Mochila, a publishing technology startup launched in 2006 with the promise of creating an iTunes-like marketplace for editorial content, is shifting its business focus towards content syndication.
The company has inked a deal with International Data Group (IDG), publisher of tech-enthusiast titles PC World and GamePro, to package and distribute its content to a growing network of Web publishers, including prominent newspaper sites such as LATimes.com, ChicagoTribune.Com and DenverPost.com. According to Mochila executives, over 40 sites reaching upwards of 40 million unique users have signed on to participate in the new program, with about 125 expected to join by the end of first quarter.
The plan is for the editorial teams from both IDG and Mochila to collaborate every two weeks on a package of general consumer-friendly articles, videos and photos pulled from IDG’s magazines and sites (a recent package contained recommendations on high-definition TVs for the Super Bowl).
Then, using Mochila’s proprietary technology, the content is automatically pushed out to partner sites. IDG sells ads that accompany the syndicated content, with Mochila taking a small cut. Ultimately, Mochila’s vision is to replicate its IDG pacts with a wide variety of publishers, allowing it to distribute all sorts of content.
This new strategy is a departure from Mochila’s original end goal, which was to build an à la carte shopping engine where editors of smaller sites and blogs could cherry-pick articles as needed from publishers like the Associated Press, CNET and Hearst. Adoption of such a different publishing tactic has been slow. “That pull model wasn’t getting the kind of traction we’d hoped,” said Carolyn Bekkedahl, Mochila’s president and chief revenue officer. “That depended on a lot of people changing their behavior.”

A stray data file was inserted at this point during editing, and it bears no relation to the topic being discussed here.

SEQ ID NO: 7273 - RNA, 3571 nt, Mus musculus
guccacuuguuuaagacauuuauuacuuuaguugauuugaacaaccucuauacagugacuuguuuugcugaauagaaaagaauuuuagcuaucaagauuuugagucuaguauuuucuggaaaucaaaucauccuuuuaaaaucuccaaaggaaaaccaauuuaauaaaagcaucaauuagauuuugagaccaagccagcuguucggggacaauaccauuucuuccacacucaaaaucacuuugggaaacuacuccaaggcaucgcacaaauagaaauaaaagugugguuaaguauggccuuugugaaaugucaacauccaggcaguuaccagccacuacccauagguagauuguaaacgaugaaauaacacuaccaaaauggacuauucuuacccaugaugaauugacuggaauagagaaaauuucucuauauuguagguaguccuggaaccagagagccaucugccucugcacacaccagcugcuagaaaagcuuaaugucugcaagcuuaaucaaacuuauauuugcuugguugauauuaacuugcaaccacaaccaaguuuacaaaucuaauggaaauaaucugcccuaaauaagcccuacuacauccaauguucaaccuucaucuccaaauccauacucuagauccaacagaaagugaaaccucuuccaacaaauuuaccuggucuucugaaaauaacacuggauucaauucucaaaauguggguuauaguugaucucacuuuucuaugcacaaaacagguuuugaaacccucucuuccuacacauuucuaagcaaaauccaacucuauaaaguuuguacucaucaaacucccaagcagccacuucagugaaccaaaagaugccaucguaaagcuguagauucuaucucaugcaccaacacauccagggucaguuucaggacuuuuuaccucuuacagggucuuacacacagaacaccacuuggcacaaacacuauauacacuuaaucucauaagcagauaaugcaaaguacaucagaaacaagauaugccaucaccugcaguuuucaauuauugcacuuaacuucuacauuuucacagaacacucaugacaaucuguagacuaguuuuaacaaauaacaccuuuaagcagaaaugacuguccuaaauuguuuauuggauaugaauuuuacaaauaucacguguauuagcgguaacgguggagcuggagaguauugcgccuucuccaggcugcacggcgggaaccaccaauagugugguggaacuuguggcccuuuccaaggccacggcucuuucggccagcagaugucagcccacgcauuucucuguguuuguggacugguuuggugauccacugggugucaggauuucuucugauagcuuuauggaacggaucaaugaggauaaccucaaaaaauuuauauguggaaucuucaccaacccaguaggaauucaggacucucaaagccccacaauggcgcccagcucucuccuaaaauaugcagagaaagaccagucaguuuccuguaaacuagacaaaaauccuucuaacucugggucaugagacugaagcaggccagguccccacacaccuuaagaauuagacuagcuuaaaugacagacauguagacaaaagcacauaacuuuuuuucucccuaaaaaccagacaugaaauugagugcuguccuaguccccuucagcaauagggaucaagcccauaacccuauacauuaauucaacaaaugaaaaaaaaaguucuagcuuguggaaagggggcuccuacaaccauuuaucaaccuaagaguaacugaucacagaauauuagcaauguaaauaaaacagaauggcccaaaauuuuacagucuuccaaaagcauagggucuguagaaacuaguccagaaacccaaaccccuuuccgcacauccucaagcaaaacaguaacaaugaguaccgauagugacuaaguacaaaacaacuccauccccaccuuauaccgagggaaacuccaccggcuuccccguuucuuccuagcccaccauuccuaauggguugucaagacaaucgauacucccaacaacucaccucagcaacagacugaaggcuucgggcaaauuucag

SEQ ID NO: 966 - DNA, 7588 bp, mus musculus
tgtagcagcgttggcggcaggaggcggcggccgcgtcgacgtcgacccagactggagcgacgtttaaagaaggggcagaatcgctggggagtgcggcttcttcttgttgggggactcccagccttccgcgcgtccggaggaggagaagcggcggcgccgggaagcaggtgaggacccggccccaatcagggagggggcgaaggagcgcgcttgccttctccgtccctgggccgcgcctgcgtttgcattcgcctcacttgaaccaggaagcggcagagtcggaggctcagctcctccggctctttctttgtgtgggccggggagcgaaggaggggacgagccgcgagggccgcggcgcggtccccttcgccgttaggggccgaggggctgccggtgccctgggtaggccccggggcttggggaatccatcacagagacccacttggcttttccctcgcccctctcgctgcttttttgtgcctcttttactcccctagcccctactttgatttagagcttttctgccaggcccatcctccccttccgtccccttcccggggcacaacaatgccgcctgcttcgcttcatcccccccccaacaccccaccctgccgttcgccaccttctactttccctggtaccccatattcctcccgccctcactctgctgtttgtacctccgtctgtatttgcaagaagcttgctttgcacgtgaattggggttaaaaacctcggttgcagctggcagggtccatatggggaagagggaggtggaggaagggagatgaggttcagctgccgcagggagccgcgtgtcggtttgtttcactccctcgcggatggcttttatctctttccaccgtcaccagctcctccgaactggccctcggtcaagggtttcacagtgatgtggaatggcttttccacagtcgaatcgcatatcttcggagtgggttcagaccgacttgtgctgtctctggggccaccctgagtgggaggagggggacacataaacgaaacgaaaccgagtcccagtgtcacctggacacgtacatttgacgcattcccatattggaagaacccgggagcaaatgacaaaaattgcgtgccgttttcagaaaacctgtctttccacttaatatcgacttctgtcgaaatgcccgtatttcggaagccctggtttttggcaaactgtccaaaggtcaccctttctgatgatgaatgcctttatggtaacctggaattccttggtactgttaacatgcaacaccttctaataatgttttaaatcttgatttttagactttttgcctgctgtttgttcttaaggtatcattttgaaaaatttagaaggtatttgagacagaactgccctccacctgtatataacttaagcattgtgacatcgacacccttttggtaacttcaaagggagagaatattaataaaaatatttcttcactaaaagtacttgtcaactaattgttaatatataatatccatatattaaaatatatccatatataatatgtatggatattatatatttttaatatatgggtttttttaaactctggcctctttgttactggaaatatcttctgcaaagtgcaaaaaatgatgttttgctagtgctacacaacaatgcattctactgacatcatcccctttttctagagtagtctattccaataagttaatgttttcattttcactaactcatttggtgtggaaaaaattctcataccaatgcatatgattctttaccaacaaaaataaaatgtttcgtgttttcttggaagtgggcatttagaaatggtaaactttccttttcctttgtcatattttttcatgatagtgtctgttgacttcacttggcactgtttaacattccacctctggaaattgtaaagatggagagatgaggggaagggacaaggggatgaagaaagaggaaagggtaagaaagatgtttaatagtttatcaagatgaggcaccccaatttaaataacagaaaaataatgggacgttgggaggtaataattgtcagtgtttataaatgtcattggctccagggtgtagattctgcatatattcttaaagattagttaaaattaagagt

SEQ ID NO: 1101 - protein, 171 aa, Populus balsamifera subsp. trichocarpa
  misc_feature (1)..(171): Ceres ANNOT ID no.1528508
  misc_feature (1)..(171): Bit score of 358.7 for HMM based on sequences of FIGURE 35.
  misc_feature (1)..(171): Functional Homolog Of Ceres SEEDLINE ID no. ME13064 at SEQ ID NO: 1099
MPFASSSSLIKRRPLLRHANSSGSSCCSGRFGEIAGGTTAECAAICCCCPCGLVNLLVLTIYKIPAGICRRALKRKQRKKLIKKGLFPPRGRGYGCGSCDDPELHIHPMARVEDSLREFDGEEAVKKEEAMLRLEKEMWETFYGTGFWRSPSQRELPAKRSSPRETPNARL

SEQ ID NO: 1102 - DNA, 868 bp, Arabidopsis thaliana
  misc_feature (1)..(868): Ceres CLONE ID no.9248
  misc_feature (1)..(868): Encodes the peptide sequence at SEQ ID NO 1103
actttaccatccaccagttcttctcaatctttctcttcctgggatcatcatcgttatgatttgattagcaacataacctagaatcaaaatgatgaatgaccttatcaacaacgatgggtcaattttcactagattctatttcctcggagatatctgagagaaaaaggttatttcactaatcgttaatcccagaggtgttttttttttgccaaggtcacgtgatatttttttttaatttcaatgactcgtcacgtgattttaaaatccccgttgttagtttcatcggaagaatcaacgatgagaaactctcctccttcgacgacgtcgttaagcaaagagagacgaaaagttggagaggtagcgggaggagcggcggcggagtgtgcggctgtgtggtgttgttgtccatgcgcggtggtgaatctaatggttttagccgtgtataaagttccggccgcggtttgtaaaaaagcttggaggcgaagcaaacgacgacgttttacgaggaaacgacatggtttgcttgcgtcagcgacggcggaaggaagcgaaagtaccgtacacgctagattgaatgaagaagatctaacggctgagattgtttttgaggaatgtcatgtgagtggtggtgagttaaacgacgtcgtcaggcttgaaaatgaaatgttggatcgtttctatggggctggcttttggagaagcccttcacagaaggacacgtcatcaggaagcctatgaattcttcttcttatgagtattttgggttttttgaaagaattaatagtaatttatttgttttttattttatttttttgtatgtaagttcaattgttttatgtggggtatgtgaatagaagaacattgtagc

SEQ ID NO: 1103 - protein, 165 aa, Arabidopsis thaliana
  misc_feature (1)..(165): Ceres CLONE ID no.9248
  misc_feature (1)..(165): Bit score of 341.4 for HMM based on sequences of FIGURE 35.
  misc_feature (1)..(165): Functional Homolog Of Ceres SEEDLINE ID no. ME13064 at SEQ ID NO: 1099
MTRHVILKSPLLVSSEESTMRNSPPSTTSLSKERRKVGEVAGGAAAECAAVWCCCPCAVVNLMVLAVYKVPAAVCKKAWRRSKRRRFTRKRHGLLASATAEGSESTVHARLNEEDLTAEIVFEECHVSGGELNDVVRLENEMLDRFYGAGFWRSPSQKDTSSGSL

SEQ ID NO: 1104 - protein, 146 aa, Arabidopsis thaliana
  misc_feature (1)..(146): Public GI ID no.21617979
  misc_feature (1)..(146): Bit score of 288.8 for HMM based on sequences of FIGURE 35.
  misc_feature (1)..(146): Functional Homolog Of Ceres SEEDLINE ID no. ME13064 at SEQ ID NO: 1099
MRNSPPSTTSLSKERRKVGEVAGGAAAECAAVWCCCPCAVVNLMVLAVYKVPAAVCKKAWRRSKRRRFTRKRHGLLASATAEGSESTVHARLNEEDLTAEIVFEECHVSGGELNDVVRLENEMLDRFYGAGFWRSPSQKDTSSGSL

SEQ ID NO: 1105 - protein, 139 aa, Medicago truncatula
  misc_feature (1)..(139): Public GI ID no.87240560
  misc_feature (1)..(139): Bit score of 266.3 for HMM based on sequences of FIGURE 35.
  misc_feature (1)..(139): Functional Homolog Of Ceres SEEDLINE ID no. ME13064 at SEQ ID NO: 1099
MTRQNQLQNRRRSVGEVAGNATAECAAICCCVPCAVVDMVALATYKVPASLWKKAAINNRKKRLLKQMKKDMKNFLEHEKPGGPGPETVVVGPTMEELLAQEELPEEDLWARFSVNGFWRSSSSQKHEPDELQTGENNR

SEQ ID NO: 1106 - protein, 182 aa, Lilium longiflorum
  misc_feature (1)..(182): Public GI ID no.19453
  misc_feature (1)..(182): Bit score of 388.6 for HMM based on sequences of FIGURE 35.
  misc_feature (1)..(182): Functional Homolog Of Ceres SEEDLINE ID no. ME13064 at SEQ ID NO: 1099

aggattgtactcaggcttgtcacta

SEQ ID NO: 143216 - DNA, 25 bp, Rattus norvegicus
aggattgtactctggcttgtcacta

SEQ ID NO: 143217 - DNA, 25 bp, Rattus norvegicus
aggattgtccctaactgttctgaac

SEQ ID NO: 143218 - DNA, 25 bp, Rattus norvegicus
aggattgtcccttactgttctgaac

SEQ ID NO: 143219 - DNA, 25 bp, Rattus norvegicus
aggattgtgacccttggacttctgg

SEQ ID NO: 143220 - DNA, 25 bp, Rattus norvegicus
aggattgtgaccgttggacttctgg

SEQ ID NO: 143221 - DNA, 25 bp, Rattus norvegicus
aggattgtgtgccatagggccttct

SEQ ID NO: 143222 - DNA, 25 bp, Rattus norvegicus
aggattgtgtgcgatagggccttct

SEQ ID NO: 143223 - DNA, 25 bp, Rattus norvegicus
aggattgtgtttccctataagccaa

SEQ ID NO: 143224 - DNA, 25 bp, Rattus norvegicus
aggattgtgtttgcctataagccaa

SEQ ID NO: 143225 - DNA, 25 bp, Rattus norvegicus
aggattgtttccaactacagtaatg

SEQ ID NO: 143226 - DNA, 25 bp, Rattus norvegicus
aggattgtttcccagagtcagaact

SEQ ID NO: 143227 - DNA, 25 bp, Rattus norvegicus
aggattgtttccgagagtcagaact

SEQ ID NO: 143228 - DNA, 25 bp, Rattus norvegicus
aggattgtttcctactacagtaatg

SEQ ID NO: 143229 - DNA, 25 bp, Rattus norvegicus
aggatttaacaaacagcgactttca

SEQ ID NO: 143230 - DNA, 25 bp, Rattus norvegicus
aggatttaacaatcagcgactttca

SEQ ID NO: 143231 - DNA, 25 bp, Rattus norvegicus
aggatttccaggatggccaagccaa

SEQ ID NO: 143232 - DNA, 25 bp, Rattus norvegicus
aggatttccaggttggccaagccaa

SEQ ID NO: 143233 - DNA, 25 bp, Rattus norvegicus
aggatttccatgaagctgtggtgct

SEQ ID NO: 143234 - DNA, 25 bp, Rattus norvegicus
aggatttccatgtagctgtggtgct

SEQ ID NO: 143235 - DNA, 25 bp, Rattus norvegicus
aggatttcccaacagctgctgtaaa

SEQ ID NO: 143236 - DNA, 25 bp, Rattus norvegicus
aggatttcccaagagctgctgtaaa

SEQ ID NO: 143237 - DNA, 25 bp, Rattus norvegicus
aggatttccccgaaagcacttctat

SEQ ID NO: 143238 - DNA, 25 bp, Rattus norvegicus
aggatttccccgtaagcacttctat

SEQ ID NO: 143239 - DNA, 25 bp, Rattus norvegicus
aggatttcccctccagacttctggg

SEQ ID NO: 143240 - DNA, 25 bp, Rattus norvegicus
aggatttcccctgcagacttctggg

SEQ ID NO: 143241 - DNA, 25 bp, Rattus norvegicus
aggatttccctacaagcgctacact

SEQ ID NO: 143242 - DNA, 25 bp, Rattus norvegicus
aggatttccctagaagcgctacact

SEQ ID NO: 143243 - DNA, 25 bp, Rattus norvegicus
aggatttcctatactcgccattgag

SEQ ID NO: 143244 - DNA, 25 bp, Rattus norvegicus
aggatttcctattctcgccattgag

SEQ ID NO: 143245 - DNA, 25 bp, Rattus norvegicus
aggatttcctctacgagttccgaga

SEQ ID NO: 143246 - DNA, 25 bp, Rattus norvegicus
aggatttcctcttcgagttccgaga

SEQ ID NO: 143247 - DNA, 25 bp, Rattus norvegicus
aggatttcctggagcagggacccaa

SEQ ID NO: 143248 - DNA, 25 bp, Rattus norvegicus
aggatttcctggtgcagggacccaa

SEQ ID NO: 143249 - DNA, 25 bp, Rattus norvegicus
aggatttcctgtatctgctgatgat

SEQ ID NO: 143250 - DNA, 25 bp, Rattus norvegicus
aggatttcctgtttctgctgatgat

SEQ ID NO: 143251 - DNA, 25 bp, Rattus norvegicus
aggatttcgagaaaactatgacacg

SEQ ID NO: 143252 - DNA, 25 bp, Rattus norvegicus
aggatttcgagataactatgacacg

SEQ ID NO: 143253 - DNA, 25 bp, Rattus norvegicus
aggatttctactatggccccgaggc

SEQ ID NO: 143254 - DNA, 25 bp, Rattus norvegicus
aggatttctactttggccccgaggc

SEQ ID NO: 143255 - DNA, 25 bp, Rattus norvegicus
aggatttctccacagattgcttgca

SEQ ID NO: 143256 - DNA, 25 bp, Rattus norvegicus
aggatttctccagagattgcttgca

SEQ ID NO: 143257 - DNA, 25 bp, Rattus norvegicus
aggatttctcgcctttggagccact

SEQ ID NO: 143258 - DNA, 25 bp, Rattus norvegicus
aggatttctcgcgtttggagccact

And while that ‘pull’ business isn’t going away, Bekkedahl sees more potential for pushing content out, as most editors are comfortable with syndication, and need content in this era of staff cutbacks. “We still believe in that model,” she said. “What we’ve done here is walked up the food chain a little bit from the long tail…This is really nice solution for mid-sized sites like newspapers. These are sites that are well-lit and generate enough traffic to be interesting to advertisers.”
For IDG, the new Mochila arrangement allows the publisher to increase the number of premium impressions it can sell while eventually boosting traffic to its own sites.
“The rationale behind this is that IDG’s sites get some of the best CPMs out there,” said Mike Romoff, vp, syndication and networks at IDG. “The more you can grow those audiences through syndication, the better.”
And while IDG has struck direct syndication deals on its own with large sites like Yahoo and NYTimes.com, working with Mochila provides scale and technical efficiency. “They bring to the table technology…that is easily implemented by a lot of sites. And they also have great relationships.”